Similarly, the temperature measured may be the temperature of the vaporizable material being vaporized during the partial dose time interval (Ti). This may be sensed directly or indirectly during, at the start and/or at the end of the dose interval. For intervals that are sufficiently brief, this distinction may be irrelevant. The temperature of the vaporizable material being vaporized before the partial dose time interval may refer to the dose from the immediately prior time interval (e.g., Ti-1), which may also be the temperature at the start, end or during the prior time interval. Alternatively, in some variations the temperature of the of the vaporizable material being vaporized before the partial dose time interval may refer to the temperature of the material to be vaporized immediately before the Pi is applied (e.g., at the start or just before the start, of the application of power); the temperature of the vaporizable material being vaporized during the partial dose time interval may refer to the temperature of the material at the end of the interval application of power.

The temperature and power applied to the material to be vaporized typically refers to the temperature and power applied to the portion of the material (e.g., the material on the wick in some variations) that will end up reforming into a vapor through the application of the energy, e.g., near the surface, rather than the bulk of the material to be vaporized.

In some embodiments, the temperature and power readings can be gathered only when a user's puff is detected, such as through puff sensor 270. Detection of the user's puff can thus activated the microcontroller to begin calculating the amount of vapor drawn, while detection of the end of the user's puff can cause the microcontroller to stop calculating the amount of vapor drawn. Thus, in some embodiments, equation 1 can be integrated over the duration of a puff. In other embodiments, the measurements can be taken continuously and integrated over the duration of time that the device is on. In yet another embodiment, the integration time period can be pre-set or user selected.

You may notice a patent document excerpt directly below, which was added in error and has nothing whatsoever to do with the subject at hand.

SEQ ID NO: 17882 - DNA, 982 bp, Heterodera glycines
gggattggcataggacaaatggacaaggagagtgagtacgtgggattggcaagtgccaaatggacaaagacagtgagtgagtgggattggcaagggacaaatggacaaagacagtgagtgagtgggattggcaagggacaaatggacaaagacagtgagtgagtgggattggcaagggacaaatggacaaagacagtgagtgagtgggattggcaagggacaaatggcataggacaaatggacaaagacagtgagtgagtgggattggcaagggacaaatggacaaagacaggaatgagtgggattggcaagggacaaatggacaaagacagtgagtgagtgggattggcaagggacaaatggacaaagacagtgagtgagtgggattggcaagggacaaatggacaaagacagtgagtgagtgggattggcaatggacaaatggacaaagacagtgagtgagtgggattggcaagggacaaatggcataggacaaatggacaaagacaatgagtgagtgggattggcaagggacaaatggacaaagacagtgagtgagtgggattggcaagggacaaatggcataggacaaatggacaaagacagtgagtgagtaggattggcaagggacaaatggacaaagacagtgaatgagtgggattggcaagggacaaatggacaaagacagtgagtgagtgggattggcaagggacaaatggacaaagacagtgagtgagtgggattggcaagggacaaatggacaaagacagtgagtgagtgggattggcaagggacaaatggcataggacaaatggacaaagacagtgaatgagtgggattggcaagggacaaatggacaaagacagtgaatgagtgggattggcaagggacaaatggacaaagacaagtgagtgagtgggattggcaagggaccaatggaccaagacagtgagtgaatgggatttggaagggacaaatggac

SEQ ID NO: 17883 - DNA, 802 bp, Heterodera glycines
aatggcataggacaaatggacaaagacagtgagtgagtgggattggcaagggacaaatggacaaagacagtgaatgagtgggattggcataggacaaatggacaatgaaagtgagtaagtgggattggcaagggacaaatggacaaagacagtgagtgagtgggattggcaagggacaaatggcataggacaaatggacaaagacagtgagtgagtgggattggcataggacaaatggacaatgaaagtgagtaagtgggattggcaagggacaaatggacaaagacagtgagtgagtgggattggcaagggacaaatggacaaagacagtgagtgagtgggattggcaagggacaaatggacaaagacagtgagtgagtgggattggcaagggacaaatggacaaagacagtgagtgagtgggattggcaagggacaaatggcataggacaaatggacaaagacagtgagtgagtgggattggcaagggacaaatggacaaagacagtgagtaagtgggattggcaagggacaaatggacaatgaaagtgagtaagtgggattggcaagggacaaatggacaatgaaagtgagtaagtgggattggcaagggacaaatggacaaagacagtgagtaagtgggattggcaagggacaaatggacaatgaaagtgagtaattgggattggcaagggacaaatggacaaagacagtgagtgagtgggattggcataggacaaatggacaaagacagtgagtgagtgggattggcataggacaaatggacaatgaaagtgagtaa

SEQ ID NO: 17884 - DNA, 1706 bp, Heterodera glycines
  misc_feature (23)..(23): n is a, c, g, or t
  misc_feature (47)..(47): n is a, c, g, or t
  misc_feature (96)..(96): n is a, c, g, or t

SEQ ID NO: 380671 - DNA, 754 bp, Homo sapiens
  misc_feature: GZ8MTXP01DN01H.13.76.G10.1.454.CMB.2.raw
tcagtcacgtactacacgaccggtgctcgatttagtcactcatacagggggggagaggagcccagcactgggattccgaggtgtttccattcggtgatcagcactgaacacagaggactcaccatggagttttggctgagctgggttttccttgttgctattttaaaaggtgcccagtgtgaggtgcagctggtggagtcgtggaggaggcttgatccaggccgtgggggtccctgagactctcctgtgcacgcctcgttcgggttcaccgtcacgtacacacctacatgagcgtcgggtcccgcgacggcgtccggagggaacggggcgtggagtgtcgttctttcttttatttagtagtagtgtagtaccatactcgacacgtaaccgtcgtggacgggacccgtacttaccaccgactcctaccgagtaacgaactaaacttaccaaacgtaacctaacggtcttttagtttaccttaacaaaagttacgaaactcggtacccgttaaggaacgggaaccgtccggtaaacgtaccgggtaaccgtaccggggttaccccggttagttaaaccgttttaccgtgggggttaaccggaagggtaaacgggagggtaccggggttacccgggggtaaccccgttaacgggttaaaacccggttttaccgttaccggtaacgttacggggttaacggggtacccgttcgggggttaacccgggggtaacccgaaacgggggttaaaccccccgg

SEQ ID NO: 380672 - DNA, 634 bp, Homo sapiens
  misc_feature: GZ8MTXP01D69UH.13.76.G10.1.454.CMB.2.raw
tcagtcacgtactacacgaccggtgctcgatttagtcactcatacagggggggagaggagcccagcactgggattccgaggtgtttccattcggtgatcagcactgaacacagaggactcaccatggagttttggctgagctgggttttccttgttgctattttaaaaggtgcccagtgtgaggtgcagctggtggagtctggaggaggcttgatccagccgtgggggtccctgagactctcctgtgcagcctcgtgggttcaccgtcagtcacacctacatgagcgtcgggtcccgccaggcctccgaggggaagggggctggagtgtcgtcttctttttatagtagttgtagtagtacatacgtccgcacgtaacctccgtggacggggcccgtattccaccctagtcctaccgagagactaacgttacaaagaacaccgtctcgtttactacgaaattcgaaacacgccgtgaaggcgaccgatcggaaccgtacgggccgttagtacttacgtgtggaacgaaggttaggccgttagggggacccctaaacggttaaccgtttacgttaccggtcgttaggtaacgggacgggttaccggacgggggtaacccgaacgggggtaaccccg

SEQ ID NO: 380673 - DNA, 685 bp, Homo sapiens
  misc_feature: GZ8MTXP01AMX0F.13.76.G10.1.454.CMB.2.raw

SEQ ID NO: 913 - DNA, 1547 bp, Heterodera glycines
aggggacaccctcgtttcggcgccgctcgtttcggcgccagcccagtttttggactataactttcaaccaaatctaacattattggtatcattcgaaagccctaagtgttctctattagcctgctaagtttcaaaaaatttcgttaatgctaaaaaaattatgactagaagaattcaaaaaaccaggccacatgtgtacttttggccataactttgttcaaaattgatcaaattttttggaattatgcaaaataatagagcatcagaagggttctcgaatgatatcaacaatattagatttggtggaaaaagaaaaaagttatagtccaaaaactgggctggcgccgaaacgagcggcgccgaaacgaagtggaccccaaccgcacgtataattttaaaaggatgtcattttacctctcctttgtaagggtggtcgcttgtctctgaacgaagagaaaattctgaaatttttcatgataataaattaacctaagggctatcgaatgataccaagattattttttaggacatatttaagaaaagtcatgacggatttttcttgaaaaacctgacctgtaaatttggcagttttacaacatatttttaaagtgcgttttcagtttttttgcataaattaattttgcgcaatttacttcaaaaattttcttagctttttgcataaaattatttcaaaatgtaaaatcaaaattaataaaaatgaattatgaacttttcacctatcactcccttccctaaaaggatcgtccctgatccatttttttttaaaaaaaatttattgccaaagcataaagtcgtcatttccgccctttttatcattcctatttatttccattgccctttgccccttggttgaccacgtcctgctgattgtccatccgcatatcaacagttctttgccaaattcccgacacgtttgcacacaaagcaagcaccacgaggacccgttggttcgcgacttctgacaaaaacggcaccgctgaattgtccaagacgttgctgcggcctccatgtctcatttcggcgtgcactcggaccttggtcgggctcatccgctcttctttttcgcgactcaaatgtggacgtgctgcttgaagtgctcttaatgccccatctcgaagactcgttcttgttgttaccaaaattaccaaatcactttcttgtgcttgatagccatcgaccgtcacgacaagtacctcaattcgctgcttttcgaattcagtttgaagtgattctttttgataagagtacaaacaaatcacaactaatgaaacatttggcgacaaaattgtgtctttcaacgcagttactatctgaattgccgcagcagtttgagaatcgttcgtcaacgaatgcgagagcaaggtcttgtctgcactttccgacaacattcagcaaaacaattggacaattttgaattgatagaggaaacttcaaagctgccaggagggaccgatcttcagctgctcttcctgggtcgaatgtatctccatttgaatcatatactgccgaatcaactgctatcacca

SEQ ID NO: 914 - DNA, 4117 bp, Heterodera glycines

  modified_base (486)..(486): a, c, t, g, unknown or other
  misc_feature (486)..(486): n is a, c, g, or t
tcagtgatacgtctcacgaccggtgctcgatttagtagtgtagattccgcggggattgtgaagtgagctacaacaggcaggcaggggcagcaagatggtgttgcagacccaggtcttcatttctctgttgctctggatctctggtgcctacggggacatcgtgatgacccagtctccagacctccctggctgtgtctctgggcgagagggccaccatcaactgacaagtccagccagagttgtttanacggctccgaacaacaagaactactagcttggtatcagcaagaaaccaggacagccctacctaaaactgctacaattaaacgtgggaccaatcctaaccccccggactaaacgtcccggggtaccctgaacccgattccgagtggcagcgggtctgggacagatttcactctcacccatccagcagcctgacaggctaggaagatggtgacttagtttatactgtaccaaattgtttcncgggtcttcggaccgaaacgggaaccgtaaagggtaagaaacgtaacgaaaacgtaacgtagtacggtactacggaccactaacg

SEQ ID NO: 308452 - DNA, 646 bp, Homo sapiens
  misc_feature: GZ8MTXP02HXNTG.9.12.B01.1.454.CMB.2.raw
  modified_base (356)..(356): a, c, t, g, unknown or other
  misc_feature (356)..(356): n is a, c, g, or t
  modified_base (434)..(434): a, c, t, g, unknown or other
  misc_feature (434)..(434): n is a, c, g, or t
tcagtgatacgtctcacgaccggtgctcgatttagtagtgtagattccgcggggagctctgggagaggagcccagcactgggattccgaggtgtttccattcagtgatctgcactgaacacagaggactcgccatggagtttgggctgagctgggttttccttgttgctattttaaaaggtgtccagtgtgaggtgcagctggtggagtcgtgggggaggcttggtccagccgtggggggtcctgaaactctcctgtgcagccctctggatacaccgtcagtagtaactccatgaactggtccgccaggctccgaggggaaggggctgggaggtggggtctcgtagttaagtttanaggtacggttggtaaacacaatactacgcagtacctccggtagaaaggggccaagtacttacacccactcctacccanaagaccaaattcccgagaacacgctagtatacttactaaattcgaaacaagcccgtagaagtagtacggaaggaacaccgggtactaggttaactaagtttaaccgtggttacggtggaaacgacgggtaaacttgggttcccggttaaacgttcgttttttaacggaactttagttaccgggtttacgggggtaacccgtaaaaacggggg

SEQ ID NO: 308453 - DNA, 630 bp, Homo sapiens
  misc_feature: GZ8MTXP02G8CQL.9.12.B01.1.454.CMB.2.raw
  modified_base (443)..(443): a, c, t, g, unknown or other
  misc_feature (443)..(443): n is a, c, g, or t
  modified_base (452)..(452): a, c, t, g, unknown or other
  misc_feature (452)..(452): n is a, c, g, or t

In some embodiments, the TPM can be adjusted to determine the total amount of a particular compound inhaled, such as the total amount of an active ingredient, such as nicotine. For example, the TPM can be multiplied by the percentage of active ingredient in the vaporizable material, as described further below.

FIG. 10 illustrates this first method of determining a vapor dose over a time interval as just described. For example, in FIG. 10 the time period for determining the dose (tp) may be initially set or started 1000. The start of the time period may be triggered by the user, physician or other party (e.g., manually) or it may automatically start, e.g., when a user begins puffing on the vaporizer (e.g., using a puff sensor). The duration of the time period may also be predetermined (e.g., fixed, e.g., at 2 sec, 3 sec, 4 sec, 5 sec, 6 sec, 7 sec, 8 sec, 9 sec, 10 sec, 11 sec, 12 sec, 13 sec, 14 sec, 15 sec, 16 sec, 17 sec, 18 sec, 19 sec, 20 sec, 25 sec, 30 sec, 35 sec, 40 sec, 45 sec, 50 sec, 55 sec, 60 sec, 1.5 min, 2 min, 3 min, 4 min, 5 min, 10 min, 12 min, 15 min, 20 min, 30 min, 1 hr, 2 hr, 3 hr, 4 hr, 5 hr, 6 hr, 7 hr, 8 hr, 9 hr, 10 hr, 11 hr, 12 hr, etc.) or it may be variable, including set by the use or it may be determined by sensing the end of a puff. In some variations, the time period is set as the start of a session so that the total dose is determined for the entire session, which may include multiple puffs. In some variations, each puff is considered a time period (e.g., using a puff sensor); the dose may be determined per puff, or it may be aggregated over all of the puffs in a session (where a session may be defined as within a particular time window, e.g., 5 minutes, 10 minutes, 20 minutes, 30 minutes, 1 hour, 2 hours, etc.).